Major League Soccer coaches grapple with a perplexing quandary when they confront CONCACAF Champions League fixtures. They enter the competition with comparably scant options at their disposal to cope with an increasingly demanding schedule, but they must stretch their squads to produce results on multiple fronts.

It isn't an easy conundrum to solve. Mexican sides struggle with the same issues despite their deeper rosters and larger budgets. As always, MLS outfits must do more with less. And how they deploy those resources can often reveal how seriously they take their foray into the region's most prestigious club competition.

Montreal , San Jose and Sporting Kansas City offered a glimpse into their mentalities as they embarked upon their Champions League journeys this week. One match from four does not necessarily chart a fixed course, but it does provide more of a glimpse into the thought processes of these managers than the platitudes dished out before the tournament commences.

The team selection ahead of the Impact's 1-0 victory over the Earthquakes at Stade Saputo proved particularly revealing. The outcome of Group 5 - barring some unexpected offering from Guatemalan debutantes Heredia and a setback in Central America for either side - hinges on two games: this opening affair in Montreal and the return match at Buck Shaw Stadium on Sept. 17.

Montreal's starting XI reflected its desperation to claim the advantage heading into that potential return leg. Impact manager Marco Schällibaum named most of his regulars - Patrice Bernier featured from the bench, Felipe missed out - in his lineup and opted to hand recent Designated Player signing Hernán Bernardello his full debut in a further attempt to solidify the efforts on the evening.

Those decisions contrasted starkly with the team chosen by interim Earthquakes boss Mark Watson heading into the affair. The visitors included a central midfielder in central defense (Brad Ring), versatile left back in midfield (Ramiro Corrales) and a smattering of starters among the host of reserves elsewhere. Watson also left talismanic Chris Wondolowski on the bench until the final 20 minutes with one eye on the congested Western Conference playoff chase and the critical trip to Vancouver on Saturday.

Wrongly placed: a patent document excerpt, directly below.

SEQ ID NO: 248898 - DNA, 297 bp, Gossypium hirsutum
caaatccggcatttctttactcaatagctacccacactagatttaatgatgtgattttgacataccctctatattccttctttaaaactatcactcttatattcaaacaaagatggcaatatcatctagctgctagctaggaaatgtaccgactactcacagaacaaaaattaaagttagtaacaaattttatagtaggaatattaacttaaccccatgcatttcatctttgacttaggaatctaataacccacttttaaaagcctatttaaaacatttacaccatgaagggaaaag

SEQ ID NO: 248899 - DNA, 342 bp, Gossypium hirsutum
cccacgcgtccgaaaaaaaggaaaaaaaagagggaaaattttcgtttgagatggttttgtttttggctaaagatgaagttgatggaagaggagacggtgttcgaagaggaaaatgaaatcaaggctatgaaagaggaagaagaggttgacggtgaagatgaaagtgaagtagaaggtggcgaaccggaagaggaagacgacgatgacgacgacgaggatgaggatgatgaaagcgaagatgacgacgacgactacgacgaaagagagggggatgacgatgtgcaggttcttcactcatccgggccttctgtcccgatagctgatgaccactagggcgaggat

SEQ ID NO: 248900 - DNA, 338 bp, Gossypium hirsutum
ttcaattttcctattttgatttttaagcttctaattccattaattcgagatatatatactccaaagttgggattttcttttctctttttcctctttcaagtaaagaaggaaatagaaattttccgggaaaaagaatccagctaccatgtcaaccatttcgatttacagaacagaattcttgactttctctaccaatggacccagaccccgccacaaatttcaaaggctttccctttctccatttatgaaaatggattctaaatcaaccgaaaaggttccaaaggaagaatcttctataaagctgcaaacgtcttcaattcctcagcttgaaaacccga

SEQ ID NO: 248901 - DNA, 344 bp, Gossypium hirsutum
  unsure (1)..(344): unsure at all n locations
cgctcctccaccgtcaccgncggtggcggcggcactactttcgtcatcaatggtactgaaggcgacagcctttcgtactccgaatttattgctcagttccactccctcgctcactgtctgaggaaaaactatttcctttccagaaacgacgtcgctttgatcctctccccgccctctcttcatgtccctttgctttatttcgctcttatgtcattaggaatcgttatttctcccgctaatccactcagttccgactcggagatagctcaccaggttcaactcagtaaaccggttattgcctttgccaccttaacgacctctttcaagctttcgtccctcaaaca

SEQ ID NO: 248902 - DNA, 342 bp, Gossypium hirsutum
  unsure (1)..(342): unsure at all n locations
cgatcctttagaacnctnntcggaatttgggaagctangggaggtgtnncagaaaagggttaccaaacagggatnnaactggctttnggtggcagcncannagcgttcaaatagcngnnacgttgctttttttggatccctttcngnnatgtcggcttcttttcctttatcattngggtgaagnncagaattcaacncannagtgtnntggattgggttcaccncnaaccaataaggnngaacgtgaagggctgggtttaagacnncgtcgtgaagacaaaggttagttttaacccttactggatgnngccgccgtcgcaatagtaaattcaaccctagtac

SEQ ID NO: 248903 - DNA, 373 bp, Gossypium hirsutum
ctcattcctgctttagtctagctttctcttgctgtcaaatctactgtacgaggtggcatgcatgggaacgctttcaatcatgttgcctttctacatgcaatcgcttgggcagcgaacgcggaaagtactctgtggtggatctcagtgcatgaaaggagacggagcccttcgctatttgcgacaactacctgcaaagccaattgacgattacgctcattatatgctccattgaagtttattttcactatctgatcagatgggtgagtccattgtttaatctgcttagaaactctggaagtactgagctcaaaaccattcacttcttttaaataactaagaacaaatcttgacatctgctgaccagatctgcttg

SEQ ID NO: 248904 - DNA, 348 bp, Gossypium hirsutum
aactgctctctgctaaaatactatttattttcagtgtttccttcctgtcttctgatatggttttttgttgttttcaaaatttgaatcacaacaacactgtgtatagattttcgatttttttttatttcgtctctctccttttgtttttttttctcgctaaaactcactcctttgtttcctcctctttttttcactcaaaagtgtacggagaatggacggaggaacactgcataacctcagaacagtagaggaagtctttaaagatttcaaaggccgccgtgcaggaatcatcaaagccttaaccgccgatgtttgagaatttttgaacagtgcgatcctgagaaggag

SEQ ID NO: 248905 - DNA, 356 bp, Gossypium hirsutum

On the merits of those choices and the relative strengths of the two teams, the Impact should have coasted to victory and placed one foot into the quarterfinals. The home side instead needed an early penalty save by Evan Bush on a tame Alan Gordon penalty to avoid falling behind and relied on a Hassoun Camara finish after 16 minutes to secure its narrow victory. The respectable defeat largely justified Watson's team selection (though he may have some qualms about plumping for Marvin Chávez after the Honduran winger departed with an injury after a rash Daniele Paponi tackle) and yet still placed the Impact in control of its quarterfinal destiny.

Sporting Kansas City boss Peter Vermes navigated between those two extremes when he selected his lineup for the 2-0 victory at Real Estelí on Wednesday night. The fixture against the Nicaraguan minnows presented some awkward hurdles in the buildup due to the travel considerations, but Estelí's poor track record in the competition and its recent return to league play suggested the match itself offered little threat.

Vermes blunted any hopes of a shock by turning out a blended outfit capable of securing the expected victory. He plumped for most of his rearguard (minus Matt Besler) and Uri Rosell in midfield. He trusted the likes of Dom Dwyer and Benny Feilhaber to state their cases for more starting minutes with assured displays. And then he watched his players pile on the pressure, score twice through Dwyer and Ike Opara and start the long journey back to Kansas City with all three points in tow.

All three teams - plus imminent arrivals Houston and LA Galaxy , two sides noted for their successful use of rotation policy en route to the knockout stages of the competition last season - must continue to ponder how to employ their limited resources as the tournament unfolds. They will evaluate other results - Cartagines' impressive 4-2 victory at Isidro Metapan on Thursday might influence how the Galaxy approaches its CCL opener against the Costa Ricans on Aug. 20, for example - and weigh the benefits and the risks of naming particular players in the lineup.

No straightforward solutions exist in a world with limited squads and restrictive salary budgets. For every MLS entrant, it is now a matter of discerning priorities on several fronts, pursuing them in the best possible fashion and striving to meet those goals regardless of the complications and the criticisms that arise along the way.